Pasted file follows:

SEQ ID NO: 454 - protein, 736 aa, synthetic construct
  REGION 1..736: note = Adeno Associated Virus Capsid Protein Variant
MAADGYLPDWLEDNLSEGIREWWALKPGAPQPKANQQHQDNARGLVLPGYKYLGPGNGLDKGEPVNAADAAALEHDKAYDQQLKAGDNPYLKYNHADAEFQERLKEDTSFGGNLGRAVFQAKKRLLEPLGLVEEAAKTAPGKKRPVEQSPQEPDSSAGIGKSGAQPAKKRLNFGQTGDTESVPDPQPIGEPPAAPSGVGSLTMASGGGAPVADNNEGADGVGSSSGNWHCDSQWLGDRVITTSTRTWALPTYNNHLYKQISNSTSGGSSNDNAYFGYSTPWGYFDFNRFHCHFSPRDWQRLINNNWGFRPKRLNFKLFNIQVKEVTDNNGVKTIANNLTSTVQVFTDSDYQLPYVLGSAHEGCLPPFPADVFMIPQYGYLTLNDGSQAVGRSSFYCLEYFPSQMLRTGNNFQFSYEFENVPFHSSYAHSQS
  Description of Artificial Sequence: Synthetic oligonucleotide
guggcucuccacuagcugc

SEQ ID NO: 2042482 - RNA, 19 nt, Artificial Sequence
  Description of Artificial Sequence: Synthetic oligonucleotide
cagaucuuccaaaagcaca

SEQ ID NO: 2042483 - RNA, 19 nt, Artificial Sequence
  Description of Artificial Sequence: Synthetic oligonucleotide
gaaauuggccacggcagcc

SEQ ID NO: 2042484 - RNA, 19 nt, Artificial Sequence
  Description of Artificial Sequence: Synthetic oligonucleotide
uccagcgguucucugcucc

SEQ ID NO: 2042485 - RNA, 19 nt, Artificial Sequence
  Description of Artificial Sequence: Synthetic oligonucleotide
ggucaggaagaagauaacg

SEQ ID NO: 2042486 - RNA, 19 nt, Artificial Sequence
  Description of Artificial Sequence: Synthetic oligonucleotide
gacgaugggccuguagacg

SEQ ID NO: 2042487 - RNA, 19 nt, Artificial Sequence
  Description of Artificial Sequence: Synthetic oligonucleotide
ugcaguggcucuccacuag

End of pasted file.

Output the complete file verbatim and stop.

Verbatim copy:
SEQ ID NO: 454 - protein, 736 aa, synthetic construct
  REGION 1..736: note = Adeno Associated Virus Capsid Protein Variant
MAADGYLPDWLEDNLSEGIREWWALKPGAPQPKANQQHQDNARGLVLPGYKYLGPGNGLDKGEPVNAADAAALEHDKAYDQQLKAGDNPYLKYNHADAEFQERLKEDTSFGGNLGRAVFQAKKRLLEPLGLVEEAAKTAPGKKRPVEQSPQEPDSSAGIGKSGAQPAKKRLNFGQTGDTESVPDPQPIGEPPAAPSGVGSLTMASGGGAPVADNNEGADGVGSSSGNWHCDSQWLGDRVITTSTRTWALPTYNNHLYKQISNSTSGGSSNDNAYFGYSTPWGYFDFNRFHCHFSPRDWQRLINNNWGFRPKRLNFKLFNIQVKEVTDNNGVKTIANNLTSTVQVFTDSDYQLPYVLGSAHEGCLPPFPADVFMIPQYGYLTLNDGSQAVGRSSFYCLEYFPSQMLRTGNNFQFSYEFENVPFHSSYAHSQS
  Description of Artificial Sequence: Synthetic oligonucleotide
guggcucuccacuagcugc

SEQ ID NO: 2042482 - RNA, 19 nt, Artificial Sequence
  Description of Artificial Sequence: Synthetic oligonucleotide
cagaucuuccaaaagcaca

SEQ ID NO: 2042483 - RNA, 19 nt, Artificial Sequence
  Description of Artificial Sequence: Synthetic oligonucleotide
gaaauuggccacggcagcc

SEQ ID NO: 2042484 - RNA, 19 nt, Artificial Sequence
  Description of Artificial Sequence: Synthetic oligonucleotide
uccagcgguucucugcucc

SEQ ID NO: 2042485 - RNA, 19 nt, Artificial Sequence
  Description of Artificial Sequence: Synthetic oligonucleotide
ggucaggaagaagauaacg

SEQ ID NO: 2042486 - RNA, 19 nt, Artificial Sequence
  Description of Artificial Sequence: Synthetic oligonucleotide
gacgaugggccuguagacg

SEQ ID NO: 2042487 - RNA, 19 nt, Artificial Sequence
  Description of Artificial Sequence: Synthetic oligonucleotide
ugcaguggcucuccacuag